European Parliament’s Tibet Intergroup

(From left to right) Mr. Kelsang Gyaltsen, Special Representative of the Dalai Lama to Europe; Mr. Matteo Mecacci, ICT President; MEP Thomas Mann, President of the EP’s Tibet Intergroup; Mr. Thubten Wangchen, Tibetan Parliamentarian; Dr. José Elias Esteve, lawyer in the Tibet law suits in Spain; Mr. Alan Cantos, Director of Comité de Apoyo al Tibet (CAT).

The Spanish Socialist spokesperson Soraya Rodriguez has announced in Madrid that the opposition Socialist Party will appeal to the Constitutional Court against the recent legislative move in Spain to limit the power of the judiciary to investigate and prosecute serious crimes under international law.

The announcement was made during a meeting on Tuesday (March 4) in the Spanish Congress, in which victims including Tibetan monk Thubten Wangchen testified about the importance of the principle of universal jurisdiction. (Image and report in Spanish, El País, El PSOE recurrirá la reforma de la justicia universal ante el Constitucional).

The announcement by Spanish Socialists follows the fast-tracking by Spain’s leading Popular Party of a bill to reform Spain’s universal jurisdiction laws that would put Spain in breach of its international obligations and offer the prospect of impunity to many responsible for serious crimes. It follows two lawsuits focusing on China’s leadership for its policies in Tibet, and which has led to arrest warrants being issued by the Spanish courts for several Chinese officials. (ICT report, A ‘death blow to democracy’: Spanish lawyers challenge new ruling that may close down Tibet lawsuits after Chinese pressure).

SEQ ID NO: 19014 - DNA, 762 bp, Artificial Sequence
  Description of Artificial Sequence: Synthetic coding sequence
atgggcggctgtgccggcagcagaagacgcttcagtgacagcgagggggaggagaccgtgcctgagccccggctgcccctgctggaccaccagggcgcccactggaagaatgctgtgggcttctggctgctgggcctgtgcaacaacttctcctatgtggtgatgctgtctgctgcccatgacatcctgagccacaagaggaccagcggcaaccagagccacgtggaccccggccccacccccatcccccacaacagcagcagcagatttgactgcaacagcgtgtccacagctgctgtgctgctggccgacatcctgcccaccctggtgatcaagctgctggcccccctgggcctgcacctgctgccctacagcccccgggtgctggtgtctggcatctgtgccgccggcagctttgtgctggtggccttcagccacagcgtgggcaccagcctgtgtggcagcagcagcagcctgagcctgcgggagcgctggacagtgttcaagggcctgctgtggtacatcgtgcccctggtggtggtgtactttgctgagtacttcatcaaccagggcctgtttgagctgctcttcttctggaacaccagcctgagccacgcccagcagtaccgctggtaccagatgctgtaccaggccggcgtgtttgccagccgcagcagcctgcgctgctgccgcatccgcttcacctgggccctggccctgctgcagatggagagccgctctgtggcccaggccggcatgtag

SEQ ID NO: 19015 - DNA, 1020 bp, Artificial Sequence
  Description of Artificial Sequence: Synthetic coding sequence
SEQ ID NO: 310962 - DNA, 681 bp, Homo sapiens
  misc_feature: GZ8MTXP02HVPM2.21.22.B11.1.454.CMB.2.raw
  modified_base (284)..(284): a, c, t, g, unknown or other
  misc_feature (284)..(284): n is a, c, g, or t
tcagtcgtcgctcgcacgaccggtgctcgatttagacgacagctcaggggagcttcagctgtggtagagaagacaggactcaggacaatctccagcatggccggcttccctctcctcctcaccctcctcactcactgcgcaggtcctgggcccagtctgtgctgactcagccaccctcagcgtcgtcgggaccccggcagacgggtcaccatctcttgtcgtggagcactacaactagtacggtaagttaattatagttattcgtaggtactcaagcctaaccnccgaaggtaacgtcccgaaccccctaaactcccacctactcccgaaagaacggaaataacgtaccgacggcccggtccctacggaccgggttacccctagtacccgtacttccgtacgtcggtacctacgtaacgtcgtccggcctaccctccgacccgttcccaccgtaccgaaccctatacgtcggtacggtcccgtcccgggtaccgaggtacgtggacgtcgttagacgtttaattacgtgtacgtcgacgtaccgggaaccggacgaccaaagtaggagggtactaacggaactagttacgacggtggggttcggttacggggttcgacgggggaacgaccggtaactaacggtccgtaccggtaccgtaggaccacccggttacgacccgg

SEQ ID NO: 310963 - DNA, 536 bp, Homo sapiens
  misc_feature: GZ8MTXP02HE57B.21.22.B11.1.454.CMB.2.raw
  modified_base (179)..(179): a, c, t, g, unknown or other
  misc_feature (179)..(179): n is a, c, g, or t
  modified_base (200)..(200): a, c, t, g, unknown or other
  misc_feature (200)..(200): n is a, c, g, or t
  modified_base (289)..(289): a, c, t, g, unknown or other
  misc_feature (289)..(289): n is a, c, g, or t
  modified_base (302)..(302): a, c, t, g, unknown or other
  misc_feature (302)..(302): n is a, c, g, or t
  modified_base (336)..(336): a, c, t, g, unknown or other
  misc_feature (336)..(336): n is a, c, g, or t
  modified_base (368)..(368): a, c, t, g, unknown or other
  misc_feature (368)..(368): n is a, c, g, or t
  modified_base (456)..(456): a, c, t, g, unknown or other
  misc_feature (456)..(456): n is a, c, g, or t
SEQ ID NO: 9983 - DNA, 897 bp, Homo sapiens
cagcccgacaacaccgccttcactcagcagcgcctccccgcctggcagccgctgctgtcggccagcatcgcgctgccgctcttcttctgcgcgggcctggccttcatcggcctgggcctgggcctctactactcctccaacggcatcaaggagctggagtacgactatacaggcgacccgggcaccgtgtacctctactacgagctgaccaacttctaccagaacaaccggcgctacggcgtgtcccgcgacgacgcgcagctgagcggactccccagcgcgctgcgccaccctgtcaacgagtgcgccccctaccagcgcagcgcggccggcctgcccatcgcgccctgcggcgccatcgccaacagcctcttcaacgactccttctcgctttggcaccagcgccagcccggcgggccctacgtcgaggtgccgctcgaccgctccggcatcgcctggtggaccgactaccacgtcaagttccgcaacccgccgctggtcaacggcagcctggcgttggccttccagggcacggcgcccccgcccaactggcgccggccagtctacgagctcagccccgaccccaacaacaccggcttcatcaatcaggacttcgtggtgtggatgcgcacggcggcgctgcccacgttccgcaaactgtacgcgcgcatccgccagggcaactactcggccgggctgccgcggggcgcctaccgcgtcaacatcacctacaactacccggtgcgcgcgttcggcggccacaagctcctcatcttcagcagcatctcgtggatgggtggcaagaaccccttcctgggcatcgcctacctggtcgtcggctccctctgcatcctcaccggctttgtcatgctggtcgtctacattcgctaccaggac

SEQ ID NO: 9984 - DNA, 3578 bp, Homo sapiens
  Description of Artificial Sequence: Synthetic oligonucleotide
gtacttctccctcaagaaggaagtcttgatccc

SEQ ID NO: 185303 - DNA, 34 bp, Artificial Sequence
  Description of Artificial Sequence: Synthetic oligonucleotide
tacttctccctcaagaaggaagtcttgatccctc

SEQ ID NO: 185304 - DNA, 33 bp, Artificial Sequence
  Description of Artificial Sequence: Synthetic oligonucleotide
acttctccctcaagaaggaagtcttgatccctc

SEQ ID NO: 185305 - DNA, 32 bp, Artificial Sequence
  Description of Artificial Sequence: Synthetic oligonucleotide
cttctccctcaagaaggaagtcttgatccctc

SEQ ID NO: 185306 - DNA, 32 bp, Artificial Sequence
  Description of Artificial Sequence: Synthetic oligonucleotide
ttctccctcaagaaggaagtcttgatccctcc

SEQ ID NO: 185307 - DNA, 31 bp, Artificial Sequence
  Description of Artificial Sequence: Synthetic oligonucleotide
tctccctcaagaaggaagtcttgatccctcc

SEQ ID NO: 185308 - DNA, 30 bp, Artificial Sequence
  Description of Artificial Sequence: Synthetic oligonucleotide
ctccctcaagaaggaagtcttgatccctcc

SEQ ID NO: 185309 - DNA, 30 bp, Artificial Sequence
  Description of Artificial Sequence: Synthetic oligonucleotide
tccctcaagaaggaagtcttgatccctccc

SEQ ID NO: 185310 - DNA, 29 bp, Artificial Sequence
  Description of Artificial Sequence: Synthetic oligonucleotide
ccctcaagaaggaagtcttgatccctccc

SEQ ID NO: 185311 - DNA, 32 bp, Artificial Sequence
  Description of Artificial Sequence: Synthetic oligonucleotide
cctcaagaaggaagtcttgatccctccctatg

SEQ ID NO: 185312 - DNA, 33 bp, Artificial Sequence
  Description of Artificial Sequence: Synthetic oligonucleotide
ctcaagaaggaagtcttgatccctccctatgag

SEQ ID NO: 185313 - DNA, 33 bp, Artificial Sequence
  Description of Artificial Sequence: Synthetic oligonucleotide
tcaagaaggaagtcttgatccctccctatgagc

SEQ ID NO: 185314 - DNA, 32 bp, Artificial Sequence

The International Campaign for Tibet and main plaintiffs in the Tibet case, the Comité de Apoyo al Tibet, welcomed the announcement after launching an appeal in Brussels on February 21 directed at Spanish lawmakers to protect universal justice (ICT report, An appeal to protect universal justice in Spain).

Matteo Mecacci, President of the International Campaign for Tibet, said: “The decision by the Spanish socialists confirms that in a democracy, checks and balances can be brought to bear on rushed and abrupt moves, such as that of the Spanish government in changing universal jurisdiction legislation under pressure from an authoritarian government.”

Alan Cantos from the Spanish Tibet Support Committee, Comité de Apoyo al Tibet, which has pioneered the cases together with author of the lawsuits Dr. José Elías Esteve Moltó, said: “This principled commitment by the Spanish Socialists in favor of judicial independence and in the spirit of justice for all is an important step in ensuring the moves to obliterate universal jurisdiction come under the scrutiny of the Constitutional Court.”